- Developing-nation currencies reverse decline for the week
- U.S. employers added fewest jobs in almost six years
Emerging-market stocks rose to a one-month high and currencies wiped out a weekly decline after data showed U.S. employers added the fewest workers in almost six years, raising the likelihood of a delay to a Federal Reserve interest-rate increase.
The MSCI Emerging Markets Index rose for a second day, while currencies in South Africa, Colombia and Russia led a gauge of developing-nation exchange rates higher. Turkish bonds rallied as core inflation slowed more than expected, opening the way for more interest-rate cuts.
The addition of 38,000 workers, the fewest since September 2010, followed a 123,000 advance in April that was smaller than previously estimated, U.S. Labor Department data showed. That boosted the appeal of riskier assets by reducing the odds for Fed monetary tightening this summer. A rebound in commodity prices has also improved the fiscal position of countries from Russia to South Africa and Brazil that rely on exports.
“The very weak U.S. employment data is slightly positive for emerging-market equities in that it lowers the probability that the Fed will hike rates in the next few months,” said Michael Wang, a strategist at hedge fund Amiya Capital LLP in London, who favors Indian, Korean and Mexican stocks.
Traders scaled back bets of a rate increase this month to 2 percent and in July to 26 percent, down from 22 percent and 55 percent a day earlier, according to Fed futures data compiled by Bloomberg.
The MSCI Emerging Markets Index rose 0.9 percent to 816.18, the highest closing level since May 3. Stocks on the gauge trade at 12 times projected 12-month earnings, compared with a multiple of 16.2 for the MSCI World Index.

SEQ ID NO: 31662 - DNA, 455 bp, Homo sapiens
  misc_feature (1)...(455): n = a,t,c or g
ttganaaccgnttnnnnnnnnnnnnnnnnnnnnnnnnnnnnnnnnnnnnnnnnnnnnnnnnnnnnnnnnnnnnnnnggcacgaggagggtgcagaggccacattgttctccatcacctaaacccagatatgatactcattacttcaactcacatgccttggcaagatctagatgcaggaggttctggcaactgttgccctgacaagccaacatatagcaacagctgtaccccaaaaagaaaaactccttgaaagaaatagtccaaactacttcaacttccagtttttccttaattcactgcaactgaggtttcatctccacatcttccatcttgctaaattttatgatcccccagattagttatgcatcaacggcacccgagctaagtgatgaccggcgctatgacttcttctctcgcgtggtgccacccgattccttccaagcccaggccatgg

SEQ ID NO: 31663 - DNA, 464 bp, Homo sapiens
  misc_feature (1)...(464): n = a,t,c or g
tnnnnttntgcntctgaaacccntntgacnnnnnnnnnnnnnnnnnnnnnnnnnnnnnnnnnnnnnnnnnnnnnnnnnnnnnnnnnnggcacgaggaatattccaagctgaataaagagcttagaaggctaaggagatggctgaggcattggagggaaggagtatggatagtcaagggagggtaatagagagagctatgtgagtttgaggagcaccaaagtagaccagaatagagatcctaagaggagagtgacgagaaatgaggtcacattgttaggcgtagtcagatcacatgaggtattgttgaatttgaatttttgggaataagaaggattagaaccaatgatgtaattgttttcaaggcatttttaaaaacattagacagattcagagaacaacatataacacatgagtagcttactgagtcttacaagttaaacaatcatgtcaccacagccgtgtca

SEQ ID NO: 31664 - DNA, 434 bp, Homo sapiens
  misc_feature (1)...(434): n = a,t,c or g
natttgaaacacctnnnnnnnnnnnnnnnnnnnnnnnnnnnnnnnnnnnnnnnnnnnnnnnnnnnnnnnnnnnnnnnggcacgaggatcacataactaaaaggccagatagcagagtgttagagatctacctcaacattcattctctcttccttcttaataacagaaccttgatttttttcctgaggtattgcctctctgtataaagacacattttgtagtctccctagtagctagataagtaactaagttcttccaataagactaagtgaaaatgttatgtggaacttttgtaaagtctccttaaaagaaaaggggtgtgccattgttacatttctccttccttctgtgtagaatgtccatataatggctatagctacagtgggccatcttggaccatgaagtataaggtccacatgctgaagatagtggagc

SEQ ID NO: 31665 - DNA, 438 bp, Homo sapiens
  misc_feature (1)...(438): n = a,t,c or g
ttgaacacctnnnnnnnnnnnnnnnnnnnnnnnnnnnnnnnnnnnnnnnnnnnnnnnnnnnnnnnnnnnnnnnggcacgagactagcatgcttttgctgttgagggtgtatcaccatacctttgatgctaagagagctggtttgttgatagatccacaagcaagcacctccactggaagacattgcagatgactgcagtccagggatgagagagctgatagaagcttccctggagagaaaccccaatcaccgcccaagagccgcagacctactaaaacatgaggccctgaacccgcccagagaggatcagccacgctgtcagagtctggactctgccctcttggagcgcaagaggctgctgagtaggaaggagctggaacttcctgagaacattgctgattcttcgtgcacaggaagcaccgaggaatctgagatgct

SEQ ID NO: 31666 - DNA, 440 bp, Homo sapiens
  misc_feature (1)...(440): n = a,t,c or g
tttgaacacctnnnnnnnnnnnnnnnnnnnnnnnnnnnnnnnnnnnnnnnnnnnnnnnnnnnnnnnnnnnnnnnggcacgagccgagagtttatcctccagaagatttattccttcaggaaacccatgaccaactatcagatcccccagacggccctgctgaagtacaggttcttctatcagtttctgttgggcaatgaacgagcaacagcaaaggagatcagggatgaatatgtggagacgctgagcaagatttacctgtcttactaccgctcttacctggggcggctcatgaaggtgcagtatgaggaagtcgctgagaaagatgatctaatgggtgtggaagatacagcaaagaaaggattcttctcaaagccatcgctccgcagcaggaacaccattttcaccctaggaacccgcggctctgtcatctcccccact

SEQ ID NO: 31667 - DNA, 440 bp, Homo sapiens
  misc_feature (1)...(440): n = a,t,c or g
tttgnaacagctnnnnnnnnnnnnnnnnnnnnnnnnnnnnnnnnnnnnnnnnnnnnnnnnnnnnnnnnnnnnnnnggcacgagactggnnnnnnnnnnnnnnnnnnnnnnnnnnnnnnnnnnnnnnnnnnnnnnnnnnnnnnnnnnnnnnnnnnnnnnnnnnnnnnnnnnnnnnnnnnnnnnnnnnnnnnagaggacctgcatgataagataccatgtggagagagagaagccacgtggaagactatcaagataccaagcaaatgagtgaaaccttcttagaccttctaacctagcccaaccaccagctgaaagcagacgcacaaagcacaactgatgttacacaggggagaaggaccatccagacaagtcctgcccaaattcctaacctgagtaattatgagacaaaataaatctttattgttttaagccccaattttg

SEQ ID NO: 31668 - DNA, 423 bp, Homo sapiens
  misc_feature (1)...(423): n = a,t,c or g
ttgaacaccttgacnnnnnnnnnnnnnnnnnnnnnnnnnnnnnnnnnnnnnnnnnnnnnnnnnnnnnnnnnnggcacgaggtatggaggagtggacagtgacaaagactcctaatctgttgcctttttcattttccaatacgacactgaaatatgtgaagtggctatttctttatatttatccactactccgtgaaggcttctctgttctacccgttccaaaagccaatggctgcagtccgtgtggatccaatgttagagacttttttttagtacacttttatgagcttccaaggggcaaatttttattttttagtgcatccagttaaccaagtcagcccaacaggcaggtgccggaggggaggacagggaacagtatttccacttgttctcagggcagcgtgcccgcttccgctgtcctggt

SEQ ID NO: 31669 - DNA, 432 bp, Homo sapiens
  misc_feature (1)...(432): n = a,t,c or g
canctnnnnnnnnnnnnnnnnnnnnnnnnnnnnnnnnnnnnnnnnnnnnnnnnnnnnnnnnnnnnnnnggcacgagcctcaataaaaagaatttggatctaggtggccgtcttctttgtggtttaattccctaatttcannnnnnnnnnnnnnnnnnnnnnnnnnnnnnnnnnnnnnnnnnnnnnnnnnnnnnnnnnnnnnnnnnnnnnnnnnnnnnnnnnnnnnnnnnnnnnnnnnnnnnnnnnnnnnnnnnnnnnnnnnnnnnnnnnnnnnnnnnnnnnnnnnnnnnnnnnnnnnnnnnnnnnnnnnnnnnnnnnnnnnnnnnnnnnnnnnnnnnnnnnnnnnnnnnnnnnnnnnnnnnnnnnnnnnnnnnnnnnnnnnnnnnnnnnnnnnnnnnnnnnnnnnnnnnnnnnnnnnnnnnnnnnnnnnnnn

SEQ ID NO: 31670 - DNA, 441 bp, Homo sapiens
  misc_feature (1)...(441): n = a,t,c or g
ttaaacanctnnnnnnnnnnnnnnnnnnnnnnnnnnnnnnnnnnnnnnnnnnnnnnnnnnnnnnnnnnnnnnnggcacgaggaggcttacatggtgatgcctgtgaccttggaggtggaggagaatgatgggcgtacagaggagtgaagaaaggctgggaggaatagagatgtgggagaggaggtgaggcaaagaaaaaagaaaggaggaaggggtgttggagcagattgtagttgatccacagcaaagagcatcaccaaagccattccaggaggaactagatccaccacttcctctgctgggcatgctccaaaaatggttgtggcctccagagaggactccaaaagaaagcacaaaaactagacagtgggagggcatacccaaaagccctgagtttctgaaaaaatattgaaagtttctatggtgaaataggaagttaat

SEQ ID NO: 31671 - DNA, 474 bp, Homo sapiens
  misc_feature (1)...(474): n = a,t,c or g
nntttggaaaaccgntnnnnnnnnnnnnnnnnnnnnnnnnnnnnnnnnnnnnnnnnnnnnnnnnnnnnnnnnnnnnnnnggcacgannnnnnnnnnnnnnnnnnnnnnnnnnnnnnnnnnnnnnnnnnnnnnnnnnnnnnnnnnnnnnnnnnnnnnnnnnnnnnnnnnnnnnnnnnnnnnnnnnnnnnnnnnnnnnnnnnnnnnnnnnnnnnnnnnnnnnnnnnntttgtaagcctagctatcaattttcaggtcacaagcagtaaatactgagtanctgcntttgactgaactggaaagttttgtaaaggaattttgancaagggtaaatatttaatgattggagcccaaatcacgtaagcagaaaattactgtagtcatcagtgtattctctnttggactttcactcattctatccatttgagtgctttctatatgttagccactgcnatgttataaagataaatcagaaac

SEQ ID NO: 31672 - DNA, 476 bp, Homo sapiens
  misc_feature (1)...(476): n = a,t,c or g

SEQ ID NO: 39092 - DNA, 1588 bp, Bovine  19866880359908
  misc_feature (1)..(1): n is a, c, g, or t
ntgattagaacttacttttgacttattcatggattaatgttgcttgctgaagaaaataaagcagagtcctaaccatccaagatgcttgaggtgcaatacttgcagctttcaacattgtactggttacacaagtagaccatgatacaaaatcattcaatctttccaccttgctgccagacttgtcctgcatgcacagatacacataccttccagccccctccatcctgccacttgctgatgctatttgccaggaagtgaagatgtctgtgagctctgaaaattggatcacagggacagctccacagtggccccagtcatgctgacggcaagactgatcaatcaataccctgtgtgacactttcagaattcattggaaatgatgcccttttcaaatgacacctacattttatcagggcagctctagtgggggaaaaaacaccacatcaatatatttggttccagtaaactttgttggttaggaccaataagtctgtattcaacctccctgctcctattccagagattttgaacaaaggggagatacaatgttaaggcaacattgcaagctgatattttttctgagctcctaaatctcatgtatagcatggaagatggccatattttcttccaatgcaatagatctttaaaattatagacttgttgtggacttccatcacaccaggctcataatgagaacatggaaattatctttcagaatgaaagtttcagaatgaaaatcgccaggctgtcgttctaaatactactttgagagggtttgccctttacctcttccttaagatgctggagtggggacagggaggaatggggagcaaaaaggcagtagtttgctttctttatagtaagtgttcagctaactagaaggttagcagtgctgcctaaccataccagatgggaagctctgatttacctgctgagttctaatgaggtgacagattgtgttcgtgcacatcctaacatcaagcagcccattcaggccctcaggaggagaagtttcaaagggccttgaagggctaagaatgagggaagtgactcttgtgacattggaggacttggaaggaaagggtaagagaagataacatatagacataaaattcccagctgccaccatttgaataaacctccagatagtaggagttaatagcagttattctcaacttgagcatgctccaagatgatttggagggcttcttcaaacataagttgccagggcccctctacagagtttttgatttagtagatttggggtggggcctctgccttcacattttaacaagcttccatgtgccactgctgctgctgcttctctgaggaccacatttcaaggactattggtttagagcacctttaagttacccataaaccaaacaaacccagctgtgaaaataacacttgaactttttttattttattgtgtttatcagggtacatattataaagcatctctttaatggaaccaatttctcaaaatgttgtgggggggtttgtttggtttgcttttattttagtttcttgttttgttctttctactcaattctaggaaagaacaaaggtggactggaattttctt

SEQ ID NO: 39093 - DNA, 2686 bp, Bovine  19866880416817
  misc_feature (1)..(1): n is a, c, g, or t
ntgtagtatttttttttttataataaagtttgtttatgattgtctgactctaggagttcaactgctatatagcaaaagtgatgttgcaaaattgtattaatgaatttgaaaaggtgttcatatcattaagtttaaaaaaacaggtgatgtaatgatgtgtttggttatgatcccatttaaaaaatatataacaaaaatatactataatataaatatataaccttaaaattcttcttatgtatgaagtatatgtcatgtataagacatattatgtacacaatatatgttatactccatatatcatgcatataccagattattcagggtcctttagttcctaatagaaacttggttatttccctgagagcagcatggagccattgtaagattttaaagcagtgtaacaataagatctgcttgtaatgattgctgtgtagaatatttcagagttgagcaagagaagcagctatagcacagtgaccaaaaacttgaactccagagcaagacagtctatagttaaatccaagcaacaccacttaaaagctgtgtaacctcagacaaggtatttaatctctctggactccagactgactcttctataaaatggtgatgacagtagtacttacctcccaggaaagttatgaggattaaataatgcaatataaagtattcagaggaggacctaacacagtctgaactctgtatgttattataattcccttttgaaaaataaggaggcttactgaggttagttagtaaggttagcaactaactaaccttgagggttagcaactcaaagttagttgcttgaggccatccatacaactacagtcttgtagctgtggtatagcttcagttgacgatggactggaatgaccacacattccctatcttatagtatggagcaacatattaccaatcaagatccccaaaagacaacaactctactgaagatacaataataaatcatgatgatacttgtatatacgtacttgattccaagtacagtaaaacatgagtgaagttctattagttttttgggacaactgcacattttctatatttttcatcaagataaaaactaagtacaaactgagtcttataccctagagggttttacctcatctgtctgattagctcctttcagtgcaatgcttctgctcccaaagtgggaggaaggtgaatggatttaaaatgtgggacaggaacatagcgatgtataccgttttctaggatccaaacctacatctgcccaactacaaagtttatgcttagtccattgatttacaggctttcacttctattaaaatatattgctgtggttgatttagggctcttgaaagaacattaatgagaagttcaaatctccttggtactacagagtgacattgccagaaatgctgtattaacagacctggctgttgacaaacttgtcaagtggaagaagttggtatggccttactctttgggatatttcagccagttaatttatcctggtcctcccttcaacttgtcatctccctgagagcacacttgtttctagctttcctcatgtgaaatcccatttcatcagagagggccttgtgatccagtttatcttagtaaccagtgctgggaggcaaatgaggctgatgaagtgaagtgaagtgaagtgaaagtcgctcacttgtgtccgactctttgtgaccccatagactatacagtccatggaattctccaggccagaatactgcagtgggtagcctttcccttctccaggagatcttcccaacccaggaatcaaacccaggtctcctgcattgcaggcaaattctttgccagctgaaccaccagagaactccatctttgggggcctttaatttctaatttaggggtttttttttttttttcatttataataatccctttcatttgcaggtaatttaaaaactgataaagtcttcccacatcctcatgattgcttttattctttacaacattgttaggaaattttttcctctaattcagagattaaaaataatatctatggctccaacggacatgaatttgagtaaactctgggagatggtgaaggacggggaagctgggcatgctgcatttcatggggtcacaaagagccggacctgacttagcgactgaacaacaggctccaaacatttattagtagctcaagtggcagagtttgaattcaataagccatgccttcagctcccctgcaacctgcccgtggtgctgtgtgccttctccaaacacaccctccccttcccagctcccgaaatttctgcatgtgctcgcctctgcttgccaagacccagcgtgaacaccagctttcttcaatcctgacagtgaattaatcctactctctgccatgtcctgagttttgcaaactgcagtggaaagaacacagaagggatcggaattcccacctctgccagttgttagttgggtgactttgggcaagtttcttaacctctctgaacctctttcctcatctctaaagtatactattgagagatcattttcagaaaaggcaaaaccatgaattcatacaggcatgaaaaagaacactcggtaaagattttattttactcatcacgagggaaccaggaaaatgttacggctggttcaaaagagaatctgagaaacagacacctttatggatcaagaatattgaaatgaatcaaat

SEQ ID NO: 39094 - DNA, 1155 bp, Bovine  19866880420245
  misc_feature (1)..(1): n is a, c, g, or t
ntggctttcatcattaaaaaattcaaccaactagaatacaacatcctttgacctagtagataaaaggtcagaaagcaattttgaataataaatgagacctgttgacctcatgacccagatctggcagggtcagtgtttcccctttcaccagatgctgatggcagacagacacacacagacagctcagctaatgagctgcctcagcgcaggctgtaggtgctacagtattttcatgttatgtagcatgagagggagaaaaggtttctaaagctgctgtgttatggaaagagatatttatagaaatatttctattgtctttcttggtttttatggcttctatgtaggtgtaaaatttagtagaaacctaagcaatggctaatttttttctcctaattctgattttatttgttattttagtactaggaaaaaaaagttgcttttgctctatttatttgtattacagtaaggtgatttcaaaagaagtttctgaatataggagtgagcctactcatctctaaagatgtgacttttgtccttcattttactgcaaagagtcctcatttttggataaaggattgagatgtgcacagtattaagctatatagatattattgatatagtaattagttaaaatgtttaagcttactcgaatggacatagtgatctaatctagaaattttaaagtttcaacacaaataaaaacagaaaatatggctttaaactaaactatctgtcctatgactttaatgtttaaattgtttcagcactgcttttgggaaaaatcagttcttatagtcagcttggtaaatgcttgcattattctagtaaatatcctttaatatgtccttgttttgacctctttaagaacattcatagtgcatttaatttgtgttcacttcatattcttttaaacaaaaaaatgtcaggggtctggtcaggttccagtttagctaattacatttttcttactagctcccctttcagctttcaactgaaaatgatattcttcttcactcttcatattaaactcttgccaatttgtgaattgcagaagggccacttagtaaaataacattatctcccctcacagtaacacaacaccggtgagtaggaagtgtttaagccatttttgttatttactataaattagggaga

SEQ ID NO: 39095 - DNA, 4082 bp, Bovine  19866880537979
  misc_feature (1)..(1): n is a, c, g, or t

All 10 industry groups advanced, led by a 1.6 percent gain in raw-material stocks. The Bloomberg Commodity Index jumped 0.5 percent to the highest level in six months.
The Borsa Istanbul 100 Index jumped 2.5 percent. Turkey is one of the most vulnerable countries to outflows related to higher U.S. interest rates because of its current-account deficit. Vale SA, the world’s largest iron ore producer, led gains in Brazil, rising 8.6 percent. It was the biggest contributor to a 1.5 percent gain in the Ibovespa equity gauge.
Polish copper producer KGHM Polska Miedz SA added 4.5 percent, helping boost the WIG20 Index 1.8 percent.
Samsung C&T Corp. jumped the most since November after saying it was considering splitting off businesses and not considering any merger with Samsung SDS Co., which fell to a record. China Longyuan Power led gainers among utility companies, rising 7.1 percent after Goldman Sachs said the company is a "preferred stock" in the alternative energy industry.
The MSCI Emerging Markets Currency Index increased 0.4 percent. It was little changed before the payrolls report.
South Africa’s rand led advances among peers, jumping 3.4 percent as the country’s credit rating was kept at investment grade by S&P Global Ratings. Colombia’s peso jumped 2.4 percent. Brazil’s real climbed 1.8 percent. The Turkish lira increased 1.6 percent.
The jobs report “is positive for some EM countries of course,” said Nathan Griffiths, a senior emerging-market equities manager who helps oversee $1.1 billion at NN Investment Partners in The Hague and is overweight Indian stocks. “The likes of Turkey are basically dependent on the availability of the dollar. If the dollar rises they have problems funding themselves and they import all commodities so there is no negative offset.”
The rally in Turkish bonds pushed 10-year yields down 25 basis points to 9.56 percent, bringing the decline this week to 43 basis points. Core inflation fell to 8.77 percent in May from 9.41 percent the previous month, a drop that gives encouragement the central bank can continue a cycle of interest-rate cuts that started in March.
The payrolls data also boosted bonds in Poland, Hungary and Russia. Brazil’s 10-year local-currency yields fell 21 basis points to 12.62 percent.